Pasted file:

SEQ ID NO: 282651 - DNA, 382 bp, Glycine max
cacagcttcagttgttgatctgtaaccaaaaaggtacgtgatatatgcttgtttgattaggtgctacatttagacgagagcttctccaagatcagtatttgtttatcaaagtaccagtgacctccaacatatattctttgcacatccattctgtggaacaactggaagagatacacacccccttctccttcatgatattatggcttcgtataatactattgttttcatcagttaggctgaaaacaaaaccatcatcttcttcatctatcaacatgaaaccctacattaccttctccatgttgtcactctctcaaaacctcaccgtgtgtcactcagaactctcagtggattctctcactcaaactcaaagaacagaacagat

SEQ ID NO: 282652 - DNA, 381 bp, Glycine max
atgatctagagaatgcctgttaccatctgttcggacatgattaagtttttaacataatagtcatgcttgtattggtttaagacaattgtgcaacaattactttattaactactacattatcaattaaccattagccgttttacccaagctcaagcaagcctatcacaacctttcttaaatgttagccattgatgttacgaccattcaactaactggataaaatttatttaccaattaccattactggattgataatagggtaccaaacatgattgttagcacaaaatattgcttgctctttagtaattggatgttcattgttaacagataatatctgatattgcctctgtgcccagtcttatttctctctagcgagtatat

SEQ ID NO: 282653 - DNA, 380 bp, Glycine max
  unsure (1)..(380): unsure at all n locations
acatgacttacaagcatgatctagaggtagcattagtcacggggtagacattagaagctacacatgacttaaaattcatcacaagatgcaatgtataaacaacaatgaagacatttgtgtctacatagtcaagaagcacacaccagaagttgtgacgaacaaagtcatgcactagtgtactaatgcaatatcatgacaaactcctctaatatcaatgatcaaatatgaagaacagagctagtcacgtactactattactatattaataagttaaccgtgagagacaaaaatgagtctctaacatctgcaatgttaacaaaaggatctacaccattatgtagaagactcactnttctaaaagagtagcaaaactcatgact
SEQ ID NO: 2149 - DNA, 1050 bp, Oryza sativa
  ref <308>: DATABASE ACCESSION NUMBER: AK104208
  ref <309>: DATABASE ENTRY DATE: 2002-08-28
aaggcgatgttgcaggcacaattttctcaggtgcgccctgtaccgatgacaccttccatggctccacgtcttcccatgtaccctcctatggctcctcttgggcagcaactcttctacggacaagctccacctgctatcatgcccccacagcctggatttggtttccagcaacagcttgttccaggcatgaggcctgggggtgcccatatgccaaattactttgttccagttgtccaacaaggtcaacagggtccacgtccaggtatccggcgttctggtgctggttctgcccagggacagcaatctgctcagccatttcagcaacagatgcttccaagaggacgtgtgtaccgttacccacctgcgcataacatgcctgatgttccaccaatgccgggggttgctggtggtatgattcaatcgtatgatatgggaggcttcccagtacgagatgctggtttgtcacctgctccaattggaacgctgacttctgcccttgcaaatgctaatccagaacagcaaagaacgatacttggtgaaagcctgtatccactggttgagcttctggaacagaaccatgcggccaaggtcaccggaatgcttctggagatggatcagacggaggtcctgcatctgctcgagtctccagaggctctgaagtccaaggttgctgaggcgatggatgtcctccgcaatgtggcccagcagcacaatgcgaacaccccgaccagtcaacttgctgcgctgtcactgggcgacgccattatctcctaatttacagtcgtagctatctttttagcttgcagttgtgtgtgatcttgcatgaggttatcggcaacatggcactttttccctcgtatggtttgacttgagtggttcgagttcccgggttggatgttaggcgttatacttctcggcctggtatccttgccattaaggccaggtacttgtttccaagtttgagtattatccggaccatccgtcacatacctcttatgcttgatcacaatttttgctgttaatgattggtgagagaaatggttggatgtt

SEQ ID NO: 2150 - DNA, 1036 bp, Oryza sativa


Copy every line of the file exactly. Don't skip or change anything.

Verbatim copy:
SEQ ID NO: 282651 - DNA, 382 bp, Glycine max
cacagcttcagttgttgatctgtaaccaaaaaggtacgtgatatatgcttgtttgattaggtgctacatttagacgagagcttctccaagatcagtatttgtttatcaaagtaccagtgacctccaacatatattctttgcacatccattctgtggaacaactggaagagatacacacccccttctccttcatgatattatggcttcgtataatactattgttttcatcagttaggctgaaaacaaaaccatcatcttcttcatctatcaacatgaaaccctacattaccttctccatgttgtcactctctcaaaacctcaccgtgtgtcactcagaactctcagtggattctctcactcaaactcaaagaacagaacagat

SEQ ID NO: 282652 - DNA, 381 bp, Glycine max
atgatctagagaatgcctgttaccatctgttcggacatgattaagtttttaacataatagtcatgcttgtattggtttaagacaattgtgcaacaattactttattaactactacattatcaattaaccattagccgttttacccaagctcaagcaagcctatcacaacctttcttaaatgttagccattgatgttacgaccattcaactaactggataaaatttatttaccaattaccattactggattgataatagggtaccaaacatgattgttagcacaaaatattgcttgctctttagtaattggatgttcattgttaacagataatatctgatattgcctctgtgcccagtcttatttctctctagcgagtatat

SEQ ID NO: 282653 - DNA, 380 bp, Glycine max
  unsure (1)..(380): unsure at all n locations
acatgacttacaagcatgatctagaggtagcattagtcacggggtagacattagaagctacacatgacttaaaattcatcacaagatgcaatgtataaacaacaatgaagacatttgtgtctacatagtcaagaagcacacaccagaagttgtgacgaacaaagtcatgcactagtgtactaatgcaatatcatgacaaactcctctaatatcaatgatcaaatatgaagaacagagctagtcacgtactactattactatattaataagttaaccgtgagagacaaaaatgagtctctaacatctgcaatgttaacaaaaggatctacaccattatgtagaagactcactnttctaaaagagtagcaaaactcatgact
SEQ ID NO: 2149 - DNA, 1050 bp, Oryza sativa
  ref <308>: DATABASE ACCESSION NUMBER: AK104208
  ref <309>: DATABASE ENTRY DATE: 2002-08-28
aaggcgatgttgcaggcacaattttctcaggtgcgccctgtaccgatgacaccttccatggctccacgtcttcccatgtaccctcctatggctcctcttgggcagcaactcttctacggacaagctccacctgctatcatgcccccacagcctggatttggtttccagcaacagcttgttccaggcatgaggcctgggggtgcccatatgccaaattactttgttccagttgtccaacaaggtcaacagggtccacgtccaggtatccggcgttctggtgctggttctgcccagggacagcaatctgctcagccatttcagcaacagatgcttccaagaggacgtgtgtaccgttacccacctgcgcataacatgcctgatgttccaccaatgccgggggttgctggtggtatgattcaatcgtatgatatgggaggcttcccagtacgagatgctggtttgtcacctgctccaattggaacgctgacttctgcccttgcaaatgctaatccagaacagcaaagaacgatacttggtgaaagcctgtatccactggttgagcttctggaacagaaccatgcggccaaggtcaccggaatgcttctggagatggatcagacggaggtcctgcatctgctcgagtctccagaggctctgaagtccaaggttgctgaggcgatggatgtcctccgcaatgtggcccagcagcacaatgcgaacaccccgaccagtcaacttgctgcgctgtcactgggcgacgccattatctcctaatttacagtcgtagctatctttttagcttgcagttgtgtgtgatcttgcatgaggttatcggcaacatggcactttttccctcgtatggtttgacttgagtggttcgagttcccgggttggatgttaggcgttatacttctcggcctggtatccttgccattaaggccaggtacttgtttccaagtttgagtattatccggaccatccgtcacatacctcttatgcttgatcacaatttttgctgttaatgattggtgagagaaatggttggatgtt

SEQ ID NO: 2150 - DNA, 1036 bp, Oryza sativa